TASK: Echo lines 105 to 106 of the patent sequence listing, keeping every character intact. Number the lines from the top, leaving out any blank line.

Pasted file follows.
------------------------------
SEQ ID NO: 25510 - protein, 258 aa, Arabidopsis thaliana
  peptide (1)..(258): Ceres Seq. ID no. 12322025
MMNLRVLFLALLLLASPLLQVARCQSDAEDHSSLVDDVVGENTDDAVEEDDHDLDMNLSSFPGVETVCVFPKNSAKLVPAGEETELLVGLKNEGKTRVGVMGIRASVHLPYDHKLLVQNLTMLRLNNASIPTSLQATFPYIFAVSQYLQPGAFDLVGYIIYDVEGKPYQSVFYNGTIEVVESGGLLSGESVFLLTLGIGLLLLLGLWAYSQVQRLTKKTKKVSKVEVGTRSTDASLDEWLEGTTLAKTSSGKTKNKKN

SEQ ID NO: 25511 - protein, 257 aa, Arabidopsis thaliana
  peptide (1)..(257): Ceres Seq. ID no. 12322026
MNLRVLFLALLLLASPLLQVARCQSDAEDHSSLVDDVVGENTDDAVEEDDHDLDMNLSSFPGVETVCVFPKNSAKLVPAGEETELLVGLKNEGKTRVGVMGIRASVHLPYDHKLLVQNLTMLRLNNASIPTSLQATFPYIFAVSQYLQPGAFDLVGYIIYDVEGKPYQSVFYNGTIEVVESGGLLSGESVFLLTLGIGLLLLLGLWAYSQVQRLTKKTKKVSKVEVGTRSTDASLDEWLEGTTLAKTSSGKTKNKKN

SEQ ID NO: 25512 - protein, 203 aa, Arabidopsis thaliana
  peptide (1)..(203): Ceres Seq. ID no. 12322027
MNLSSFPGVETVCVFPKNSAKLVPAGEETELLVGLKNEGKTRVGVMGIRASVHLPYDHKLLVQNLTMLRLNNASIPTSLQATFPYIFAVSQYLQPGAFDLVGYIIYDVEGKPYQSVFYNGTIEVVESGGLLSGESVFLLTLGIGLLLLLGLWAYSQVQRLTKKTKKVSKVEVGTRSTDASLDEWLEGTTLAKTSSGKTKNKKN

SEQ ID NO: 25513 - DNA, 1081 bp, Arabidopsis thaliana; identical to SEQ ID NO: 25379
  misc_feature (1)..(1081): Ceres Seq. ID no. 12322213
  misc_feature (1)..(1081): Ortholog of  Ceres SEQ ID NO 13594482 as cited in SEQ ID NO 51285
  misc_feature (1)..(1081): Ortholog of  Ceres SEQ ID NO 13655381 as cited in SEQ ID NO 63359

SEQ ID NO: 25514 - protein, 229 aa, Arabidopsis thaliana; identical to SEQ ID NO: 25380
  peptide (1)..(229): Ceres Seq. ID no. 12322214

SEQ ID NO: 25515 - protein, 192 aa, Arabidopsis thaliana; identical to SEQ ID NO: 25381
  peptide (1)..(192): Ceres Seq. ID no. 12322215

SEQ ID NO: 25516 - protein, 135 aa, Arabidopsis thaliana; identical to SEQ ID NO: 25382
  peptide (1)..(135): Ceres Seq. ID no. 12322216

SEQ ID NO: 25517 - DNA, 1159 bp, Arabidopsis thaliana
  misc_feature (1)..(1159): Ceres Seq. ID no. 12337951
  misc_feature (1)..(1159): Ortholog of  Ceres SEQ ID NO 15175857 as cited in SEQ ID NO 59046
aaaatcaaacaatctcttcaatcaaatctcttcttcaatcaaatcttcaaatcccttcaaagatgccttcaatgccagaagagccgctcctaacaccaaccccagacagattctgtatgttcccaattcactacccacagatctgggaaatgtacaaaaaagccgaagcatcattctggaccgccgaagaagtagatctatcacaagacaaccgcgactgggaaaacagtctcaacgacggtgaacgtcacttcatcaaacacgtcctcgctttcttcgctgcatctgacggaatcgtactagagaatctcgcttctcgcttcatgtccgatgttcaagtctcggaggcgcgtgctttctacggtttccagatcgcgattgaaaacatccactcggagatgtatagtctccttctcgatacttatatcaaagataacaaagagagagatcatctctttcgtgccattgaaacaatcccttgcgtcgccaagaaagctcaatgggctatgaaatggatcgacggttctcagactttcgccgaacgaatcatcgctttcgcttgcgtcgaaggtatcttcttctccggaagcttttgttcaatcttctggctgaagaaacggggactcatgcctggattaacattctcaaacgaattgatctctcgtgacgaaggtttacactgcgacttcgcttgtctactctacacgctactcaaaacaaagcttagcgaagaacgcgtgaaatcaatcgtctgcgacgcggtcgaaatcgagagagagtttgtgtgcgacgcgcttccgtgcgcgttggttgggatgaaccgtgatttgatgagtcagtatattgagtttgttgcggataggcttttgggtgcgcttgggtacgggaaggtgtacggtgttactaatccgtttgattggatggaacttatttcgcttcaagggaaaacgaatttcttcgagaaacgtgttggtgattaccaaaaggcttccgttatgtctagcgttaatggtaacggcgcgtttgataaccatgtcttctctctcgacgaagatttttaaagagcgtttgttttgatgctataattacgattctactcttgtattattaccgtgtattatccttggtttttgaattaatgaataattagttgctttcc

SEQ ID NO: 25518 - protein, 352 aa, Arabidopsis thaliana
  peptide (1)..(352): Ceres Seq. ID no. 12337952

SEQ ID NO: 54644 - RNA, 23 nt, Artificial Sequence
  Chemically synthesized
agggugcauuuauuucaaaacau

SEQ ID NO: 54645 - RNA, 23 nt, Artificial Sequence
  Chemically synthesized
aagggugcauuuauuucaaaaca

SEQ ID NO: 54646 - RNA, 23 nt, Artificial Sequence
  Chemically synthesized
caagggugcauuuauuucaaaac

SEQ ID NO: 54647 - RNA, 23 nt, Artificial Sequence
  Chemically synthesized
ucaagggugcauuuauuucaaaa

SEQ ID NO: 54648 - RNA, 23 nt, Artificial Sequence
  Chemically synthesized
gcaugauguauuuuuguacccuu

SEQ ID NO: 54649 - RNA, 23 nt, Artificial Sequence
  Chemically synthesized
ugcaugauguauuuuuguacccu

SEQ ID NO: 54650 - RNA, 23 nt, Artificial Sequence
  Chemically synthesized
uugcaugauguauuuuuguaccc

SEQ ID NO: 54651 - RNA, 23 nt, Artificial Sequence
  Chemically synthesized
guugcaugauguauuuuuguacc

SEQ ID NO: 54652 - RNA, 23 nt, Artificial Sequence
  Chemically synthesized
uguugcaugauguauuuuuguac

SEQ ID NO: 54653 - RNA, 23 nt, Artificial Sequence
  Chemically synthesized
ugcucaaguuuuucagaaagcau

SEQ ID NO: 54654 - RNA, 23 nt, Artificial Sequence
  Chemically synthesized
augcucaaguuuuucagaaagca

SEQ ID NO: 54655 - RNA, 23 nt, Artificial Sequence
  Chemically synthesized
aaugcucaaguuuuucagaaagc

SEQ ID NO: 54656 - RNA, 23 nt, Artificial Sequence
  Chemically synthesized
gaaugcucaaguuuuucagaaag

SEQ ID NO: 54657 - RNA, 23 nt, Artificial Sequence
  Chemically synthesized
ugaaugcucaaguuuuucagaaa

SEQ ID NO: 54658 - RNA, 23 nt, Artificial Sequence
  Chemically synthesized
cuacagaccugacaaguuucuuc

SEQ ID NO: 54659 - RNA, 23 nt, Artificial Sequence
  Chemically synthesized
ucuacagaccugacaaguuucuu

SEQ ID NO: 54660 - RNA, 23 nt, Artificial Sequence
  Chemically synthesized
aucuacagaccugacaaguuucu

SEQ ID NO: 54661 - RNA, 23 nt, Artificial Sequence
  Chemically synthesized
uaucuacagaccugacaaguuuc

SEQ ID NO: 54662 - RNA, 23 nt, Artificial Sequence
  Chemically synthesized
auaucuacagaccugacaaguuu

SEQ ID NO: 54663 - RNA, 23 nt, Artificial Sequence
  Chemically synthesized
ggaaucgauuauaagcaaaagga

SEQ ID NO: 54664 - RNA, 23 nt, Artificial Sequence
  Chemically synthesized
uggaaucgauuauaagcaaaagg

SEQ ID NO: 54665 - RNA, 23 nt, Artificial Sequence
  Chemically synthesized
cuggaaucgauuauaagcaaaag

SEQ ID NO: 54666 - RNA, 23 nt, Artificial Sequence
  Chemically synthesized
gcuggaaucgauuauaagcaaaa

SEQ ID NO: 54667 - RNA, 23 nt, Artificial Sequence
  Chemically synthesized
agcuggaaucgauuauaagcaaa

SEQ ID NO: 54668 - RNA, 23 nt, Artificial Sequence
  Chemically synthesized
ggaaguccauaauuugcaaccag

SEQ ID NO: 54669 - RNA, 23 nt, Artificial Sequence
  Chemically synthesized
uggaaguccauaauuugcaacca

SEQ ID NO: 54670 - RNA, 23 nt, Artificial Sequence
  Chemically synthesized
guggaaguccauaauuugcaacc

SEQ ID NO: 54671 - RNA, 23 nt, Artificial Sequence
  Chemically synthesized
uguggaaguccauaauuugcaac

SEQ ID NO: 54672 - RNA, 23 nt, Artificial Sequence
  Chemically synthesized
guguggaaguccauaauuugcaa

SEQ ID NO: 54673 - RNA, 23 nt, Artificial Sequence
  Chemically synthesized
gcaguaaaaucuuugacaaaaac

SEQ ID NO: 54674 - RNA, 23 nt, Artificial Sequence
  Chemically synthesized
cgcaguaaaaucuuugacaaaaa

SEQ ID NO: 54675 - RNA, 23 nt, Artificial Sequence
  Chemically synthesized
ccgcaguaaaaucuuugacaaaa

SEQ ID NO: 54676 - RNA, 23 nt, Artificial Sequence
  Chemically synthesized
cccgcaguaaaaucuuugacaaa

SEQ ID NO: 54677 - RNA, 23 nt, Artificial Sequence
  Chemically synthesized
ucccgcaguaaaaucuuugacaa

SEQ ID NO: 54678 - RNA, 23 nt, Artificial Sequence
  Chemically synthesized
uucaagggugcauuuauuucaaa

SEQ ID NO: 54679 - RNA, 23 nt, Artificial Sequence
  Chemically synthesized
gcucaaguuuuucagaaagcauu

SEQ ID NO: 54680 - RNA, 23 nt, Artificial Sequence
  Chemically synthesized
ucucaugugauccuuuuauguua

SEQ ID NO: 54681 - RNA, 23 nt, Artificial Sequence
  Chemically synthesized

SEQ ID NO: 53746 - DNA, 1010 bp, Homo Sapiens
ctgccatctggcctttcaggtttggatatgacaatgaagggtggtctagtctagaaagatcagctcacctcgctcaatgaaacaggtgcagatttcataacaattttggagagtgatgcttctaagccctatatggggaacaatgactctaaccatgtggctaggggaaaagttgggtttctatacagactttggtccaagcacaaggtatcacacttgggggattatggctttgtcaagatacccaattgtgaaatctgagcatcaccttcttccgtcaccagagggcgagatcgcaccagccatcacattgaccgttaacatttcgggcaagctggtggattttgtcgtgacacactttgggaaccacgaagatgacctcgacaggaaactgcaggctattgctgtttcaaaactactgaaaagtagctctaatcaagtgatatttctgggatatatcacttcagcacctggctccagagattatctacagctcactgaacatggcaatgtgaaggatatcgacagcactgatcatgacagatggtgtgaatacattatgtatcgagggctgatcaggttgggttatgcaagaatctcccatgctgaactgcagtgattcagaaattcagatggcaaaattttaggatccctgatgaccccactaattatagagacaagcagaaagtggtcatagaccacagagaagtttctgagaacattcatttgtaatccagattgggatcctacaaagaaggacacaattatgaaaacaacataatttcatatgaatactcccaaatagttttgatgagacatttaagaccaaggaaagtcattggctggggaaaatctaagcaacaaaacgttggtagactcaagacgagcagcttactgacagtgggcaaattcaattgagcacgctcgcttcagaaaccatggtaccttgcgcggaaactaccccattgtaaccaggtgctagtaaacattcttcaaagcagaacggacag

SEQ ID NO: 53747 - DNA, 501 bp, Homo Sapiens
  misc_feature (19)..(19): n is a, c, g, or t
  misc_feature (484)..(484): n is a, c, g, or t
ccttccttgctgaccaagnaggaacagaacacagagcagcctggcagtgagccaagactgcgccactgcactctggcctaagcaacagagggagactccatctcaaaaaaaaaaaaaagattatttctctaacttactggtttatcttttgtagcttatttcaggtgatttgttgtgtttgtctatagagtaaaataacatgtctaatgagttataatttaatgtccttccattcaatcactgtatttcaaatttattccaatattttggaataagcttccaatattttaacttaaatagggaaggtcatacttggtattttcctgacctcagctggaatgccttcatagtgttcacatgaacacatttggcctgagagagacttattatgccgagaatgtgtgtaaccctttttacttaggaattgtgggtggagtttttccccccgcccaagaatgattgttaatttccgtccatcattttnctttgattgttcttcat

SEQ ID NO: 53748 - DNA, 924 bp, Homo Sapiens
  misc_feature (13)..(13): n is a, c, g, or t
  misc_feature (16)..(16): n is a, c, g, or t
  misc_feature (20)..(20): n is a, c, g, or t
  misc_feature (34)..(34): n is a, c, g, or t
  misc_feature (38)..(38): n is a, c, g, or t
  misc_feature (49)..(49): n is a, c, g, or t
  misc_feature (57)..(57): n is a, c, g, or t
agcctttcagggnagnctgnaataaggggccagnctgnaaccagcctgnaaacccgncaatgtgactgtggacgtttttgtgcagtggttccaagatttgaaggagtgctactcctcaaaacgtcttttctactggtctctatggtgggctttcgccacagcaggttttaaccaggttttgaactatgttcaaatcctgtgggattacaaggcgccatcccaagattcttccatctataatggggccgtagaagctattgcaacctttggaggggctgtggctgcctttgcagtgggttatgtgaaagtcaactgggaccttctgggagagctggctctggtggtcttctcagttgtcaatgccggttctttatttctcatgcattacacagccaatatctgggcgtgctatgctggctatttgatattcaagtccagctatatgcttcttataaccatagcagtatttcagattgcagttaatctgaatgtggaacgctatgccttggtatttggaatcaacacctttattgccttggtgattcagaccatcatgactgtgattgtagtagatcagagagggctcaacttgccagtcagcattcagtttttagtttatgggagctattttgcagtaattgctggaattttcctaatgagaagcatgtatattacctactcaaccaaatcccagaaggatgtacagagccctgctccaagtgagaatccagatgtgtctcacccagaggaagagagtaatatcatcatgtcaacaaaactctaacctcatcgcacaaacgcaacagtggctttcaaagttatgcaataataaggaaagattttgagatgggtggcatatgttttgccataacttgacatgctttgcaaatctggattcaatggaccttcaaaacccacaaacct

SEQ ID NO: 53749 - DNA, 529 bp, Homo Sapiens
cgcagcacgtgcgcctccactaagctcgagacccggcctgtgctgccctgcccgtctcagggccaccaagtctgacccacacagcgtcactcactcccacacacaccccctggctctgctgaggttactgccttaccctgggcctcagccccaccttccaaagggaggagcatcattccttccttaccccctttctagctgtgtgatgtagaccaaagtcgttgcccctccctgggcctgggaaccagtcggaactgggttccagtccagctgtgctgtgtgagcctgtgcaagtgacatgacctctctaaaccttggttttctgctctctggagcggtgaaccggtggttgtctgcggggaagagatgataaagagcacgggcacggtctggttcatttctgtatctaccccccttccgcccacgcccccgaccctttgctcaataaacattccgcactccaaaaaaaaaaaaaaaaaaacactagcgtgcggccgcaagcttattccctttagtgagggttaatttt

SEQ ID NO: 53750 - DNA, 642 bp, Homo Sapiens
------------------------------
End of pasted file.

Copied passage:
  Chemically synthesized
guggaaguccauaauuugcaacc